By Kinky Tail
During his four years as President of the United States, Donald Trump frequently spent weekends and holidays at Mar-a-Lago, where he entertained dignitaries and politicos.
His resort doubled membership fees to $200,000, a king’s ransom paid by an assortment of “admirers” seeking face time with the President or relishing the opportunity to get close to him.
“It’s been a magnet for grifters who want to throw money at the feet of the President,” said Holman Jenkins. “This is exactly the type of venue Donald Trump could make use of for solidifying connections with the powerful and wealthy and trying to make a political comeback.”
Secret Service members from Trump’s detail and the Miami field office have been asked if they would like to transfer to the resort, according to television network, ABC. Sources close to Trump say renovations are planned at his Mar-a-Lago residence.
Trump, meanwhile, told attendees at a White House holiday event last week that he would “see you in four years,” alluding to a bid to return to the White House. On Sunday, Axios, citing two anonymous sources, reported that Trump is considering a campaign launch rally in Florida on Jan. 20 as Biden is being sworn in.
Sources close to Trump say it’s too early to know exactly what he will do once his legal challenges run out.
But Trump has options. He has raised more than $200 million since election day, according to his campaign team with an unknown percentage of that going into a new political committee created last month to help fund his future ambitions. In announcing the fundraising numbers, Trump’s campaign manager, Bill Stepien, said “they show President Trump remains the leader of and source of energy for the Republican Party.”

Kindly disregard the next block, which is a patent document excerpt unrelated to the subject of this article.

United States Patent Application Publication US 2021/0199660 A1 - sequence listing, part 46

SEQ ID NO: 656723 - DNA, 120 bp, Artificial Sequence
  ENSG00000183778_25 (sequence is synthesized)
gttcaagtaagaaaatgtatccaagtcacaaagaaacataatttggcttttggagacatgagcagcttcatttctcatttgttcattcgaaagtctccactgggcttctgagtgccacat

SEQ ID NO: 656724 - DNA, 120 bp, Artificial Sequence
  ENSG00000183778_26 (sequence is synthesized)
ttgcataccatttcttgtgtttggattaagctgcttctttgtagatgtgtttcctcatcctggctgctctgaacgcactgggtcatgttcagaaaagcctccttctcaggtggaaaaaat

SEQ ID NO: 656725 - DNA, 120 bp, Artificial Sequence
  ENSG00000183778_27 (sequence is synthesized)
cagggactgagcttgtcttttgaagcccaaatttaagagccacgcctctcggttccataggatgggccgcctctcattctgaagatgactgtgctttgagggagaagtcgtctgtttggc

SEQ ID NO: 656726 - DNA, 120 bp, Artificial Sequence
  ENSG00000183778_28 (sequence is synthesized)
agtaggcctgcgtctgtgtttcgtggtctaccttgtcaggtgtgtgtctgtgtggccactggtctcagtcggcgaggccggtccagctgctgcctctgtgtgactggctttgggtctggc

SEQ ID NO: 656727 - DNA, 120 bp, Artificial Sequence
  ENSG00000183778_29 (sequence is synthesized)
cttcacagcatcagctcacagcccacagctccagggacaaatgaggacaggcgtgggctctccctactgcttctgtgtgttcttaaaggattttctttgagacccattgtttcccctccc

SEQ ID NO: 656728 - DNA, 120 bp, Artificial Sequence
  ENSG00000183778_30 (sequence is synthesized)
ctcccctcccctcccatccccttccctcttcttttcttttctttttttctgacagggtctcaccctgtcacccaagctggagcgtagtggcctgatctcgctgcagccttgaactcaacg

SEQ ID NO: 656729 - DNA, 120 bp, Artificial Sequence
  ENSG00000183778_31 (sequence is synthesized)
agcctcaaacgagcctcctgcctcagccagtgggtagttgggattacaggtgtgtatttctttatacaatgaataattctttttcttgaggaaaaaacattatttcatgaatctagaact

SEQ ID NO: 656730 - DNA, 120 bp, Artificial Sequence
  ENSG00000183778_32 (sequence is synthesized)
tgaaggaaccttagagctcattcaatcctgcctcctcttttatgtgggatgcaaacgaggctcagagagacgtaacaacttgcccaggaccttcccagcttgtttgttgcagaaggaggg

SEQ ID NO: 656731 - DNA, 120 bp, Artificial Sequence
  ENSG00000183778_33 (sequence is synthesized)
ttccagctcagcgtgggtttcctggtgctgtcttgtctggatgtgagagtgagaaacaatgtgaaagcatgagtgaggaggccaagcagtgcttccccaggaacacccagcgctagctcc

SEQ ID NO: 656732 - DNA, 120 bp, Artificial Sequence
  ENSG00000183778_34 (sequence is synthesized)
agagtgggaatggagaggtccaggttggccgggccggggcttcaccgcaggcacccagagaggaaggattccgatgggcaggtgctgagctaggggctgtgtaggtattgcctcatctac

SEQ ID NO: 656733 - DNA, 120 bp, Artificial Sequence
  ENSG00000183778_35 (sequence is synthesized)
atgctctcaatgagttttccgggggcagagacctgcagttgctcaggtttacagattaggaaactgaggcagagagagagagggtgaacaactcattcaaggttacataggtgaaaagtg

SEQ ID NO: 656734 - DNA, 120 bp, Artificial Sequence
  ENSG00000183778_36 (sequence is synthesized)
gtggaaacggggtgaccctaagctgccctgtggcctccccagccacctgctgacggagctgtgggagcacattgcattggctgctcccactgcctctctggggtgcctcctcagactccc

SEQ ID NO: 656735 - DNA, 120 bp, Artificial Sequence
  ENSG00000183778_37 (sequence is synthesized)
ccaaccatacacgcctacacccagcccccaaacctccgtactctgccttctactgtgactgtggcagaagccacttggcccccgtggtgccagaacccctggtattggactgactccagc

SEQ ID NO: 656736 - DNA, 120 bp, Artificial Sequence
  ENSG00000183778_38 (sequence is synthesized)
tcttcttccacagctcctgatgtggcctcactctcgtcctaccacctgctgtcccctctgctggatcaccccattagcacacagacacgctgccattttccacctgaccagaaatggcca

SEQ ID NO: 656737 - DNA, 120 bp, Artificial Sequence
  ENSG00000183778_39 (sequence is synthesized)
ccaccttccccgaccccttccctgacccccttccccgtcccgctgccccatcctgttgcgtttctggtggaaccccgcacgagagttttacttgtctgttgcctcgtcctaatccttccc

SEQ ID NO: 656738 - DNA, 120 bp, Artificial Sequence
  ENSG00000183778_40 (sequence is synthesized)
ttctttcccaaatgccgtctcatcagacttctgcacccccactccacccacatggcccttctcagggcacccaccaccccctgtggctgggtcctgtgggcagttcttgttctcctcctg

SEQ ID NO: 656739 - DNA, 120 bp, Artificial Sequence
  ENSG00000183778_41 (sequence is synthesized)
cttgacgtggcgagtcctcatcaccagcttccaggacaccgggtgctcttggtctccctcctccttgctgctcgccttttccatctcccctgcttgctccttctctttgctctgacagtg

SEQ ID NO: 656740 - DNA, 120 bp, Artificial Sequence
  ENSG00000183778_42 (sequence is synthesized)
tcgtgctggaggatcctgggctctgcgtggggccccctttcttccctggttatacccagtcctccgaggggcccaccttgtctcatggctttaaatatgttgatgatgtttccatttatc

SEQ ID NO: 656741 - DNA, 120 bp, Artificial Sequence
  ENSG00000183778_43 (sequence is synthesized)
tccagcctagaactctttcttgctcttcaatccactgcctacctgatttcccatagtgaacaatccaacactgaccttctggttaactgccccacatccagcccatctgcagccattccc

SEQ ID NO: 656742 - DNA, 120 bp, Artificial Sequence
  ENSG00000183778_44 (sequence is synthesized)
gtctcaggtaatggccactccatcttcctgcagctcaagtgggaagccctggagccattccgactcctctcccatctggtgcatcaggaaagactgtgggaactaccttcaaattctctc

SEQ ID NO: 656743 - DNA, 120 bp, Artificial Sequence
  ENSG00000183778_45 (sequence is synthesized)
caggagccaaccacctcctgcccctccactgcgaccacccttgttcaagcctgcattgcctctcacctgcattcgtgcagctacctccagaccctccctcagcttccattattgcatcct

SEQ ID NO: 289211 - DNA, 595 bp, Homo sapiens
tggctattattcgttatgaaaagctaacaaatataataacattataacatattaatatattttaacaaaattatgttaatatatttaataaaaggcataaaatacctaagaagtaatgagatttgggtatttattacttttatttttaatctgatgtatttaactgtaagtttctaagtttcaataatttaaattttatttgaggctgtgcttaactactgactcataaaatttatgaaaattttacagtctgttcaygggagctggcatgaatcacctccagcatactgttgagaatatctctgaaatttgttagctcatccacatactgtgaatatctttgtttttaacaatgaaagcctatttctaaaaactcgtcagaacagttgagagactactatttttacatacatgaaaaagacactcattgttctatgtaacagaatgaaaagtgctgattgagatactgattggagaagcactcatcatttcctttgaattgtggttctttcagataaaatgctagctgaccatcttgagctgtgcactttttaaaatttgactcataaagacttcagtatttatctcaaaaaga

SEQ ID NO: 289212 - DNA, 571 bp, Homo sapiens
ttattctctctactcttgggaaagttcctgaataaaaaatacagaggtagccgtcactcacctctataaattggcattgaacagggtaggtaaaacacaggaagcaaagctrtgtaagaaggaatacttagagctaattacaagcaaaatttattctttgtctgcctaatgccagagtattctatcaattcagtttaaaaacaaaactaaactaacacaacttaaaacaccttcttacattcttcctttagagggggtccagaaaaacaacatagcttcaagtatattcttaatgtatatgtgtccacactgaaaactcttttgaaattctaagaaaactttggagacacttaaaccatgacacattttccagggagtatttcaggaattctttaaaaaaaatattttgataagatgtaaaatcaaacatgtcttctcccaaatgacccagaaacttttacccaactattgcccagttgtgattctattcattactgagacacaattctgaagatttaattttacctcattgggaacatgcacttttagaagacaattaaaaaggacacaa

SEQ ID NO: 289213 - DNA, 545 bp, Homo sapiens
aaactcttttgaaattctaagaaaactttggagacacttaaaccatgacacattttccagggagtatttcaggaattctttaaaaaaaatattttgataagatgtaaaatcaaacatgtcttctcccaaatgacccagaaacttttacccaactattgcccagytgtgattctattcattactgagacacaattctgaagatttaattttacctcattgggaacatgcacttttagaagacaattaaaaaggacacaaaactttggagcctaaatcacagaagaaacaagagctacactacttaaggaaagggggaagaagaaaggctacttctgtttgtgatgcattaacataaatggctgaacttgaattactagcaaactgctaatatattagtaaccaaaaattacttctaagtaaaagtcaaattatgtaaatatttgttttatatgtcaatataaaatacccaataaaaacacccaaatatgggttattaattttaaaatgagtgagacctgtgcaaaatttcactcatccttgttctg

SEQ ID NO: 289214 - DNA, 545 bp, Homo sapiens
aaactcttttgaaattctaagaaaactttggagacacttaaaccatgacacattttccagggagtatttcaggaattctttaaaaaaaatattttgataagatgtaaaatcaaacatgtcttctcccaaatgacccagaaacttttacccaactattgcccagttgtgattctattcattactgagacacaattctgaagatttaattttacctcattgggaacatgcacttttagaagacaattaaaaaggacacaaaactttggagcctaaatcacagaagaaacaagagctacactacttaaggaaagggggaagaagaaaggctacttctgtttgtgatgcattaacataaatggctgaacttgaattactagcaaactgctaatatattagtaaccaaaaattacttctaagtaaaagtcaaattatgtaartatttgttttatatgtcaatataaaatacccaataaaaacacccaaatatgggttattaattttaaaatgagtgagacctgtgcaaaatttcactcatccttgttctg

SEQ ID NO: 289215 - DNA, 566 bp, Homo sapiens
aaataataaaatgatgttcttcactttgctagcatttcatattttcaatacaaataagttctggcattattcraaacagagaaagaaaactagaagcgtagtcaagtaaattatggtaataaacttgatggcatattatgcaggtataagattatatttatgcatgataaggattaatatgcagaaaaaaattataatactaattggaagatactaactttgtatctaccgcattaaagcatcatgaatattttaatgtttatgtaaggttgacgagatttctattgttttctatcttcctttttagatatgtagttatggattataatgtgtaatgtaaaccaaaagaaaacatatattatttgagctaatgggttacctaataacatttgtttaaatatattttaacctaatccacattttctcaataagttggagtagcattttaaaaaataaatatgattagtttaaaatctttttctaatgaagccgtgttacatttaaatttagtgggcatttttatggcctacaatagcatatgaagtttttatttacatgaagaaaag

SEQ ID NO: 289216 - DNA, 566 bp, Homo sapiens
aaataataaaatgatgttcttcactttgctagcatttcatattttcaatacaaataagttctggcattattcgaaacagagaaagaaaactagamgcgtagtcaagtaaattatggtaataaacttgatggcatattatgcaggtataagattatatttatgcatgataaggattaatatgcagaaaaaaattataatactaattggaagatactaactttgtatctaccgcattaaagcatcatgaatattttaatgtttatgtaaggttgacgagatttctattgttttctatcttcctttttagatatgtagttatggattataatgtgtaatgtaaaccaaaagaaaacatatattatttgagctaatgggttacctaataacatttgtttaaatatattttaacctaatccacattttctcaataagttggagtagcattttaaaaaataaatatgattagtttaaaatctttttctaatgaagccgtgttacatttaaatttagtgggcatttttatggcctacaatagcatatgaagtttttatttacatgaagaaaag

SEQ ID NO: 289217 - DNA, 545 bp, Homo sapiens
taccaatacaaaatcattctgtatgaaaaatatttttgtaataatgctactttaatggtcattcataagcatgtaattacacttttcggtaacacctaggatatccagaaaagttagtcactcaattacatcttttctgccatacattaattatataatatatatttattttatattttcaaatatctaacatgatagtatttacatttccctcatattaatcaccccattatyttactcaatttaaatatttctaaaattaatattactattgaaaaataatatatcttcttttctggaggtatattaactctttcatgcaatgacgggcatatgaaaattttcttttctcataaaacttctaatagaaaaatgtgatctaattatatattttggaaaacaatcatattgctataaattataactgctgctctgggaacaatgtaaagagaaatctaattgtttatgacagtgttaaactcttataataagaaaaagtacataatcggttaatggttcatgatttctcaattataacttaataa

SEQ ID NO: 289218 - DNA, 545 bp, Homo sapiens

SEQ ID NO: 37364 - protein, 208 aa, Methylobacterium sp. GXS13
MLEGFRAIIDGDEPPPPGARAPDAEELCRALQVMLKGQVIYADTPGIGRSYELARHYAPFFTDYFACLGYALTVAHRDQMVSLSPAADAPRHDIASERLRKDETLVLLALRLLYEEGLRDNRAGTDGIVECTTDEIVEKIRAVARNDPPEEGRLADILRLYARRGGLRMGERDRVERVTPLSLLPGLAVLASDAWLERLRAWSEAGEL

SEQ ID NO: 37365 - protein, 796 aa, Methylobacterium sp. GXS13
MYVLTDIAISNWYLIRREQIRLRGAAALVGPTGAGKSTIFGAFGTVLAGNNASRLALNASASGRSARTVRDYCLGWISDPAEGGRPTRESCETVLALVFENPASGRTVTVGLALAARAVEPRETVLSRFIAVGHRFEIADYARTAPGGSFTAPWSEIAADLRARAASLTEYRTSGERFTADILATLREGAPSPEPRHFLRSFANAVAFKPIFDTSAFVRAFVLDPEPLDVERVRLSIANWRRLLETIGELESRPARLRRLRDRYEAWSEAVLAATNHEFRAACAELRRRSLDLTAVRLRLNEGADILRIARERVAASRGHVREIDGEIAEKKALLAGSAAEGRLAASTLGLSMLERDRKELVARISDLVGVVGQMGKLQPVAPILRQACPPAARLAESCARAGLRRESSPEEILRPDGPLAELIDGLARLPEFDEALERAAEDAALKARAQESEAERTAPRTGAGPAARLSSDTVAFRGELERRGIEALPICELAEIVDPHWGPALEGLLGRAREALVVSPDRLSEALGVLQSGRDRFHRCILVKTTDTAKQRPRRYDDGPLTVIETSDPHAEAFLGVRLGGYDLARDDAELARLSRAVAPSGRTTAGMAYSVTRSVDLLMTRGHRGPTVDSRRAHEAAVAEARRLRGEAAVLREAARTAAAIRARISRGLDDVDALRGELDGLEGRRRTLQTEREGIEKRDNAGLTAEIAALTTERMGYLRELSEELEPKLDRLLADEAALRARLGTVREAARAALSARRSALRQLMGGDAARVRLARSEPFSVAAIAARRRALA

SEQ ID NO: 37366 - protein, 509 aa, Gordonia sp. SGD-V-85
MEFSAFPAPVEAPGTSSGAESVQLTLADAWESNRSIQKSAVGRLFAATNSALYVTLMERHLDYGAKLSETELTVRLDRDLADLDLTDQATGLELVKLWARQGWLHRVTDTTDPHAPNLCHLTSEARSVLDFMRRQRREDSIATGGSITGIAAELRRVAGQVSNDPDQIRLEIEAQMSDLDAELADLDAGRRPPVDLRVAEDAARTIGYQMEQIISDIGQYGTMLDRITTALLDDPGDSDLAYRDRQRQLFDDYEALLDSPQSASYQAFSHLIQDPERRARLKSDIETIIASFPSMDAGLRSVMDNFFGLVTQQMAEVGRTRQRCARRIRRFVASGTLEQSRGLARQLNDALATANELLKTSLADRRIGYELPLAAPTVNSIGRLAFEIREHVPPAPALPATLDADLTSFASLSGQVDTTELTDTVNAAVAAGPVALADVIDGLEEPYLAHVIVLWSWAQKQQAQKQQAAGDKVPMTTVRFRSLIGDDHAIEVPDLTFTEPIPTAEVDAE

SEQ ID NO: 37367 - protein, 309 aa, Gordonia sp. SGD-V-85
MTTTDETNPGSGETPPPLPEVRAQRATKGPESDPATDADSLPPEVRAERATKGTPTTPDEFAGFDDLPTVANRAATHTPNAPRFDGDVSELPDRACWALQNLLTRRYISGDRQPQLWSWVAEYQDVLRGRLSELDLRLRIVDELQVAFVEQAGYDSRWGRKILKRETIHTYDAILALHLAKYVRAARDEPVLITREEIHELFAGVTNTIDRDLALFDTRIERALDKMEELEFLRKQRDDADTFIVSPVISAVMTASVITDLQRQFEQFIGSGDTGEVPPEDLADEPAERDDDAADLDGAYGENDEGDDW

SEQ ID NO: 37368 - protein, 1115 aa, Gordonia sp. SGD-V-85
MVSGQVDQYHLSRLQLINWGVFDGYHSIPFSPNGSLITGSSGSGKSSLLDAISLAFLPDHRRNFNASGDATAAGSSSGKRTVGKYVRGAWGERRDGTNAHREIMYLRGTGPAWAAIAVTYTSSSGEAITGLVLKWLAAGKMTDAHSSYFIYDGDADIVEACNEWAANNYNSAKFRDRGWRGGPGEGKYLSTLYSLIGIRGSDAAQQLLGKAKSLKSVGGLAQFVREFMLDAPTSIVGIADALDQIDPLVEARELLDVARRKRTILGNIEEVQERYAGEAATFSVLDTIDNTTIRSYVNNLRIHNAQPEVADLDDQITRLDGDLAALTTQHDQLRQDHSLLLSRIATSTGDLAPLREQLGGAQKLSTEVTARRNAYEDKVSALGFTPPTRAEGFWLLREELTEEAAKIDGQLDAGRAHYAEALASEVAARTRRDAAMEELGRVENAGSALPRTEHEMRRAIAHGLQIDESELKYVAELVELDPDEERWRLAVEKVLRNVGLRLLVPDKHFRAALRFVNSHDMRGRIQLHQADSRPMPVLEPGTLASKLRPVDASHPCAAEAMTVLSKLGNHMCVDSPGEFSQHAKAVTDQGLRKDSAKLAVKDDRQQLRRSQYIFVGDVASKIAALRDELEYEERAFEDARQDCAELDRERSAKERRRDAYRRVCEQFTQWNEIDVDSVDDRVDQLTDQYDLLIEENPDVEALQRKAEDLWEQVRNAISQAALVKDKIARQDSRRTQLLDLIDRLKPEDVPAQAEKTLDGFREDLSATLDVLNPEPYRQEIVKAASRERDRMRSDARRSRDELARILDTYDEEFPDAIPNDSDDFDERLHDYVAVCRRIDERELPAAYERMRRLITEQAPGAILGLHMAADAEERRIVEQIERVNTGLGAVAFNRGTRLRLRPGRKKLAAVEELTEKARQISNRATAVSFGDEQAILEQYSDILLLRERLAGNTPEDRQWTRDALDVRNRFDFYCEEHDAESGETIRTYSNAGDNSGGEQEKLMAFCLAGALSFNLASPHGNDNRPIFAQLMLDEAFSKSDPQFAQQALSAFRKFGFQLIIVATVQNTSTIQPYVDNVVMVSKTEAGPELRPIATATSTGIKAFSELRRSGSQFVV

The perception that Trump is the frontrunner for the 2024 GOP nomination should allow him to continue to command the attention of political watchers and the American public at large.
“If the president says he’s going to run in 2024, he’ll probably clear the field. He’ll be the Republican nominee, and he’ll spend the next four years running,” said US Senator Marco Rubio, on NBC’s “Impact” with Jackie Nespral.
Though Trump’s influence is already waning and will weaken further once he is out of office, his rally this past weekend in Georgia displayed his continued importance to Republicans seeking to regain the White House. Trump’s appeal comes from his populism, and his unique ability to energise previously apathetic voters, blue-collar workers and Latinos.
“There’s no other person who can duplicate that,” said Brian Ballard, a top Republican fundraiser and lobbyist in Washington and Tallahassee.
Trump’s potential as a 2024 candidate is also disrupting the plans of presidential hopefuls. His presence in Florida would complicate the ambitions of Marco Rubio, Governor Ron DeSantis and US Senator Rick Scott, all of whom reportedly have Oval Office aspirations.
Still, Alex Conant, a founding partner at Firehouse Strategies and the communications director for Rubio’s 2016 presidential run, said Trump’s physical location probably doesn’t matter as much as his social media activity and his appearances on conservative TV networks.
“Trump doesn’t strike me as the kind of guy who’s going to spend a lot of time at Lincoln Day dinners after he leaves the White House,” said Conant, referring to the annual fundraising galas hosted by local GOP parties.
“He’ll likely continue to throw big parties, whether it’s at Mar-a-Lago or in New Jersey. But the focus of his political activity will be his Twitter account.”
But, noting the Axios report, Conant said Trump does continue to have a strong base in Florida, a state Republican presidential nominees must win to claim the White House.
“If his first post presidential rally is in Florida, then he will be cementing that strong support,” he said. “He’s the only Florida politician who can fill a stadium with supporters.”